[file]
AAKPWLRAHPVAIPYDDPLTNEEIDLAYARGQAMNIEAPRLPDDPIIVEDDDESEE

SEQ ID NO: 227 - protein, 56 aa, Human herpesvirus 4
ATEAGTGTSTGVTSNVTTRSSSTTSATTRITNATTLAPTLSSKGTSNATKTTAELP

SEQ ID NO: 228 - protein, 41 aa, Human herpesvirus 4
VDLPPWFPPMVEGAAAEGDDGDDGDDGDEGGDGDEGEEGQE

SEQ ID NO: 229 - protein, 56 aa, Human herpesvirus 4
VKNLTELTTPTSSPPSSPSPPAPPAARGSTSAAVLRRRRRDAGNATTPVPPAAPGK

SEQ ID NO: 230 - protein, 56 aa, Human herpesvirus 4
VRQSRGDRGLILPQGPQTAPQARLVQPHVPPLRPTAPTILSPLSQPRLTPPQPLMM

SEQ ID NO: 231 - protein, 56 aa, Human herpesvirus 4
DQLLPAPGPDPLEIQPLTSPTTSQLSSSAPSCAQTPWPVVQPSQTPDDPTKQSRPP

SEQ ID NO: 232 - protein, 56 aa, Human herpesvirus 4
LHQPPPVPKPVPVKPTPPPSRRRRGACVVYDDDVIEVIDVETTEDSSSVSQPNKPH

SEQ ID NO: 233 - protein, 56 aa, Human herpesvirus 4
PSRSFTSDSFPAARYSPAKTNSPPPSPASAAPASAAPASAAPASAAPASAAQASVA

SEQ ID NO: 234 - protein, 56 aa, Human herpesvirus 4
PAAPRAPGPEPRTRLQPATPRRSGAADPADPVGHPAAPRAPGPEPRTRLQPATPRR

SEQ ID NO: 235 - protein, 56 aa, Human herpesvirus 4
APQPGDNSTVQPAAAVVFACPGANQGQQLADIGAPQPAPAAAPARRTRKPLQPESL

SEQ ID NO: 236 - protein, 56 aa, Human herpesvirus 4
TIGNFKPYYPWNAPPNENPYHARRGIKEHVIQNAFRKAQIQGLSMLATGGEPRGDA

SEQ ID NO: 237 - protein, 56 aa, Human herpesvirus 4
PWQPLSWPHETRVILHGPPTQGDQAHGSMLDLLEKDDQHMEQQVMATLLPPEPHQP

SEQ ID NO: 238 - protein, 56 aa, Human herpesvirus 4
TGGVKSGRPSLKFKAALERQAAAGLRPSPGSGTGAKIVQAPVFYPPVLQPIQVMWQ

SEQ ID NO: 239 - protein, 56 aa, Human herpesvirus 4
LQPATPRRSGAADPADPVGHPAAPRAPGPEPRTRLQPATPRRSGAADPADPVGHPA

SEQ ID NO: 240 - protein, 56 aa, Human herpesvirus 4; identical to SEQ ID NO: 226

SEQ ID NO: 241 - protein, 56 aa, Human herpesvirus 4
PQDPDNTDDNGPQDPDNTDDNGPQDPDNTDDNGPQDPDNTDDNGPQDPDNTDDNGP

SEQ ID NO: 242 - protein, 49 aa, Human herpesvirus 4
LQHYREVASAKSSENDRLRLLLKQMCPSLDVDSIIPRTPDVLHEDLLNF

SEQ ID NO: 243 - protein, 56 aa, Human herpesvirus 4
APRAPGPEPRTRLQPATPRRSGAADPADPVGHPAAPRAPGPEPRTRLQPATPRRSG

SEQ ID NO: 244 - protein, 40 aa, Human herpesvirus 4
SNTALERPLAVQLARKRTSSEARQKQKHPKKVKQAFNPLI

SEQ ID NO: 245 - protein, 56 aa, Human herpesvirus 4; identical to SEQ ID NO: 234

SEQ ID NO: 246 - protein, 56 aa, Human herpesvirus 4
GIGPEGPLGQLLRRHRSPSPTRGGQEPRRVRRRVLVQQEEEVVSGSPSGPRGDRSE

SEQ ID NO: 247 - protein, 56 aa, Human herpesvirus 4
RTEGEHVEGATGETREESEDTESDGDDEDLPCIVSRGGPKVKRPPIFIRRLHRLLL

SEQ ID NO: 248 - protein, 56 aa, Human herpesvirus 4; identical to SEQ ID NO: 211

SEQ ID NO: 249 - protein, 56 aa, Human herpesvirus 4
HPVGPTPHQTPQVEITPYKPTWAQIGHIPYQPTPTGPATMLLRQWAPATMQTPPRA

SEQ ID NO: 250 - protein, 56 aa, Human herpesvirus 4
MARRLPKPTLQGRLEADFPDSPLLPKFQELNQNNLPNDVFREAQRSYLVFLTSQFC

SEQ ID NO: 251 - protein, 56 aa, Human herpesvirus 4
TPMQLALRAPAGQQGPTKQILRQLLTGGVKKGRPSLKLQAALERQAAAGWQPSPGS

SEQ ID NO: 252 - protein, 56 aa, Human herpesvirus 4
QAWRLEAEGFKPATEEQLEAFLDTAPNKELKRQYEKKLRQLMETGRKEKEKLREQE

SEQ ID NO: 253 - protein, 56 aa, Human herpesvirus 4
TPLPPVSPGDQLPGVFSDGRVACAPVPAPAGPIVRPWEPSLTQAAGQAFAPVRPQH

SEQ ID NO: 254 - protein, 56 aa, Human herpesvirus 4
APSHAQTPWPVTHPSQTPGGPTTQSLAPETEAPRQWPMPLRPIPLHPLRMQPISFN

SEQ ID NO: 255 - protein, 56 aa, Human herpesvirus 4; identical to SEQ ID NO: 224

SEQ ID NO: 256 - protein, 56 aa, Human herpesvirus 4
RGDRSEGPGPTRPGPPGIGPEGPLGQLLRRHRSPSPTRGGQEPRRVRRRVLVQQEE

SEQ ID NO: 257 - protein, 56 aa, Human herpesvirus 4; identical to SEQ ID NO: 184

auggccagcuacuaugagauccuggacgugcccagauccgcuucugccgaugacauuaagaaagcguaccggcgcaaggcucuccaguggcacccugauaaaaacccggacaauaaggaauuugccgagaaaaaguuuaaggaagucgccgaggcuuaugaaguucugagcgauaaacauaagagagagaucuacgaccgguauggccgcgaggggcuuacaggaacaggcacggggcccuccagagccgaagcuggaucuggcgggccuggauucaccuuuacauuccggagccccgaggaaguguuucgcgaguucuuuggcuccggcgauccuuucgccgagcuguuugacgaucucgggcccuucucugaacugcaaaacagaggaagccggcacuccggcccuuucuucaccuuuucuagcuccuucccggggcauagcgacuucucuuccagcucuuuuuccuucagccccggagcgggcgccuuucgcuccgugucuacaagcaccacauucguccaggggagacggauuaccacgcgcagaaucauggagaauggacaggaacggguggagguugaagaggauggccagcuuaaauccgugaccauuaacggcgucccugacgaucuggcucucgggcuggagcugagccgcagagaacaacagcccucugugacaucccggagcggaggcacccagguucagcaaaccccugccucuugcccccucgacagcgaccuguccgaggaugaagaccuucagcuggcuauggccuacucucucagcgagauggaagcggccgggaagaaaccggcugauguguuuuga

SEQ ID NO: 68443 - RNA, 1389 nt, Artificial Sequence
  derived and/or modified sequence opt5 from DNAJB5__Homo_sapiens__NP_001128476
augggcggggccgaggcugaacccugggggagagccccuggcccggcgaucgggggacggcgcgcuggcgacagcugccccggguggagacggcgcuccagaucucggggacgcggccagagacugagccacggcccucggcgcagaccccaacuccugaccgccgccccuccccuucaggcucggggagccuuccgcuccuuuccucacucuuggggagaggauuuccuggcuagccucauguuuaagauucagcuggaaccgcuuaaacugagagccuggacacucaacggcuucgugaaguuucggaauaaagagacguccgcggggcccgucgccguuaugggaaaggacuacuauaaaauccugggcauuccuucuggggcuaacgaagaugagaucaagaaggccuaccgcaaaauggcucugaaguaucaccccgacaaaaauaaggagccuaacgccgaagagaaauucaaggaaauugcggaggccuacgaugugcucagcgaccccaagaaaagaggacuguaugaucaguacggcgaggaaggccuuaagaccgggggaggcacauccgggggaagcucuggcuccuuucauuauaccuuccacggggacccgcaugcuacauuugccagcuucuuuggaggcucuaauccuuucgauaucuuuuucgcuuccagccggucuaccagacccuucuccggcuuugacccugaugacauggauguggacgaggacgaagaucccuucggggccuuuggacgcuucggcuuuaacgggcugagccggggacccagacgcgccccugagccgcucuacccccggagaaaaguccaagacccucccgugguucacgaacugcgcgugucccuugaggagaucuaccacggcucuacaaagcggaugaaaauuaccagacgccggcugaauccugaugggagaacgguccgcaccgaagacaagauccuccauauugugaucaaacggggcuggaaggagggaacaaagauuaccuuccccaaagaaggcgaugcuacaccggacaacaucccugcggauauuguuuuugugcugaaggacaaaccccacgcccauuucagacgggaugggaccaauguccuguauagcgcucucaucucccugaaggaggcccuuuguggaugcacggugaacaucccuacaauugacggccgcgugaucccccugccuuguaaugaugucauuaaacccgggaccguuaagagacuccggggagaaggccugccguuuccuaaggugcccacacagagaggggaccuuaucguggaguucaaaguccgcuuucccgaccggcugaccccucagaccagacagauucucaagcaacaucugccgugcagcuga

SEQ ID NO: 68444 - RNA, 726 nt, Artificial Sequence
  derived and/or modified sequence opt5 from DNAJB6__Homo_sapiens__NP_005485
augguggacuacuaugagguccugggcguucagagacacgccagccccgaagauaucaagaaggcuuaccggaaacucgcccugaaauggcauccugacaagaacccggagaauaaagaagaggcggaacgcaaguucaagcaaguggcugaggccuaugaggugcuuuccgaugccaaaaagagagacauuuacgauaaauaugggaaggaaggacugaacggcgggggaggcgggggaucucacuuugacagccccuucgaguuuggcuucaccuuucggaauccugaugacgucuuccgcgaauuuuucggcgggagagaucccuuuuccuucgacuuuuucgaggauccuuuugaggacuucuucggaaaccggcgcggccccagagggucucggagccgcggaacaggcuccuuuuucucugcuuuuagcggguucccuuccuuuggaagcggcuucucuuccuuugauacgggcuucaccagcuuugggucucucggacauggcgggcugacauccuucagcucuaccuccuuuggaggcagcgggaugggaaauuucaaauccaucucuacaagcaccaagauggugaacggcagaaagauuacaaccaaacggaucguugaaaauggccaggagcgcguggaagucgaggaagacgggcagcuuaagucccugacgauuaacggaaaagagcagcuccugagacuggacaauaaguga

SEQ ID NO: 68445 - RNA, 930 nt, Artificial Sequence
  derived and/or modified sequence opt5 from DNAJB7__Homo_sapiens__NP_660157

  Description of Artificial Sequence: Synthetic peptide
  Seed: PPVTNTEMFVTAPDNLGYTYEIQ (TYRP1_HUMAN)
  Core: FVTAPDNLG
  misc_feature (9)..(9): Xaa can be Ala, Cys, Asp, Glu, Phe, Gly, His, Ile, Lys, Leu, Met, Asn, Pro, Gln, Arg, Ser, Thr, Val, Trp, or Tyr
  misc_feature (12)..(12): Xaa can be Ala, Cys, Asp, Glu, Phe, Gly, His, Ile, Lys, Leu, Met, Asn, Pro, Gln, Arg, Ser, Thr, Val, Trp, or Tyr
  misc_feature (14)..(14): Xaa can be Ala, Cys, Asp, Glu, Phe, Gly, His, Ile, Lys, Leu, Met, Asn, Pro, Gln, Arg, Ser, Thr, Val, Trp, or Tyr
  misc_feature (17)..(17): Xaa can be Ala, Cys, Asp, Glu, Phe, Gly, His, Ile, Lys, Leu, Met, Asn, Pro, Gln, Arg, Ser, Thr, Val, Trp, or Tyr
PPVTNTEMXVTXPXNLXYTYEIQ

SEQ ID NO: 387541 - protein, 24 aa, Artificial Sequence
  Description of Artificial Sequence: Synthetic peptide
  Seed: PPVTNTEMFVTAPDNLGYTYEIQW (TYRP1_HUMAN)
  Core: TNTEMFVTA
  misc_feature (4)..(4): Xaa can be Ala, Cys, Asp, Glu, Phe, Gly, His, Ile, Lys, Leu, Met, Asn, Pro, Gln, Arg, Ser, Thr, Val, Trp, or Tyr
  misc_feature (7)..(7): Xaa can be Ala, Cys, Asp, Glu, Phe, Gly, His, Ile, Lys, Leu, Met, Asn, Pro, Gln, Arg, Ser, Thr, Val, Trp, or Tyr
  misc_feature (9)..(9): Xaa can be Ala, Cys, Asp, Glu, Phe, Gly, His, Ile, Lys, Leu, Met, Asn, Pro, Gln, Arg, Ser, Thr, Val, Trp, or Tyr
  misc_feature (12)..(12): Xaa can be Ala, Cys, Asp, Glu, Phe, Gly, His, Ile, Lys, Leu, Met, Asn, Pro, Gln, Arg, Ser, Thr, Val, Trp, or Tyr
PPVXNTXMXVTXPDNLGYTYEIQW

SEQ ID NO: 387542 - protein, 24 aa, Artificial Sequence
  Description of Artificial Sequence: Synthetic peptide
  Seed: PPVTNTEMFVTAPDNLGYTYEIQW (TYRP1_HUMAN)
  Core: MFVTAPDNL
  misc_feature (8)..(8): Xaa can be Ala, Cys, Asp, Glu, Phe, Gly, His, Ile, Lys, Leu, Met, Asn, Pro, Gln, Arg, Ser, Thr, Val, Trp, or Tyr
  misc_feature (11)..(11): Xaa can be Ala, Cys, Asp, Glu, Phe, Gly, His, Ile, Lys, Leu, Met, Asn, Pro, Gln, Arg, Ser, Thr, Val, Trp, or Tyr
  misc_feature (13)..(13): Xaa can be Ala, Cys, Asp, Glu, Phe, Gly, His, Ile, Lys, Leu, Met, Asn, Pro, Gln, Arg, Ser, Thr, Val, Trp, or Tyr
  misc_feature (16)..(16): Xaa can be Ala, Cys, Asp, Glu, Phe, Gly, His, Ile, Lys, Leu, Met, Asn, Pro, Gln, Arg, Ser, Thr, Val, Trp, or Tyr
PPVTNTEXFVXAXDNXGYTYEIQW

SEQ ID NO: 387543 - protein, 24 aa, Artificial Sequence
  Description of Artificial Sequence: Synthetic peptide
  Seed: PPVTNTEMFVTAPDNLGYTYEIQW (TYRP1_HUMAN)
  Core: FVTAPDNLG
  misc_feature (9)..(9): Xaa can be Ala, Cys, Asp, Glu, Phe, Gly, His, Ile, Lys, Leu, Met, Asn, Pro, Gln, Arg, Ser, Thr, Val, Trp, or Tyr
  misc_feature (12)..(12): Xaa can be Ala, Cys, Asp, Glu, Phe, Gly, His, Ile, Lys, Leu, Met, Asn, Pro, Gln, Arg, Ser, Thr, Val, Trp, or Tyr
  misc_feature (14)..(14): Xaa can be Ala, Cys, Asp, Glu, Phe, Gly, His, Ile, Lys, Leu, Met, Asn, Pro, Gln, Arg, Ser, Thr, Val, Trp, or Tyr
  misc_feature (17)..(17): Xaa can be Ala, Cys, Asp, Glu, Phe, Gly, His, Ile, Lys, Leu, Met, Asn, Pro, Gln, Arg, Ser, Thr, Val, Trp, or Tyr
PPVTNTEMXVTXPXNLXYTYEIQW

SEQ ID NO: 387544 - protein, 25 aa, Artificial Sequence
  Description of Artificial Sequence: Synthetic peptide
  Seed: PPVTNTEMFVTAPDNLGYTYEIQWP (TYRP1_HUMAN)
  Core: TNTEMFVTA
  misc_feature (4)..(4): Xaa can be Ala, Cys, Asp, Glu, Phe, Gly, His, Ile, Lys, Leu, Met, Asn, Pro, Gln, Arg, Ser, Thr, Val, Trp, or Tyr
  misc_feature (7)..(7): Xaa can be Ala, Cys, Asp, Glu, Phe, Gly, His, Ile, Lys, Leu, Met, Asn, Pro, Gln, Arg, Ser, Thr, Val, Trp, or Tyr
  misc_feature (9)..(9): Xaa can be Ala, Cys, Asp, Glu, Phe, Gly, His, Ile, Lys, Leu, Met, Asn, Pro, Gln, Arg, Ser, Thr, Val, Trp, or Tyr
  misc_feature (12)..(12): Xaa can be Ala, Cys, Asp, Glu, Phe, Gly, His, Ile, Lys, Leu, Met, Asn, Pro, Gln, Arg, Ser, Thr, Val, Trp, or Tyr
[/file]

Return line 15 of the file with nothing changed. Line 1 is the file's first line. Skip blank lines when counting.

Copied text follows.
PSRSFTSDSFPAARYSPAKTNSPPPSPASAAPASAAPASAAPASAAPASAAQASVA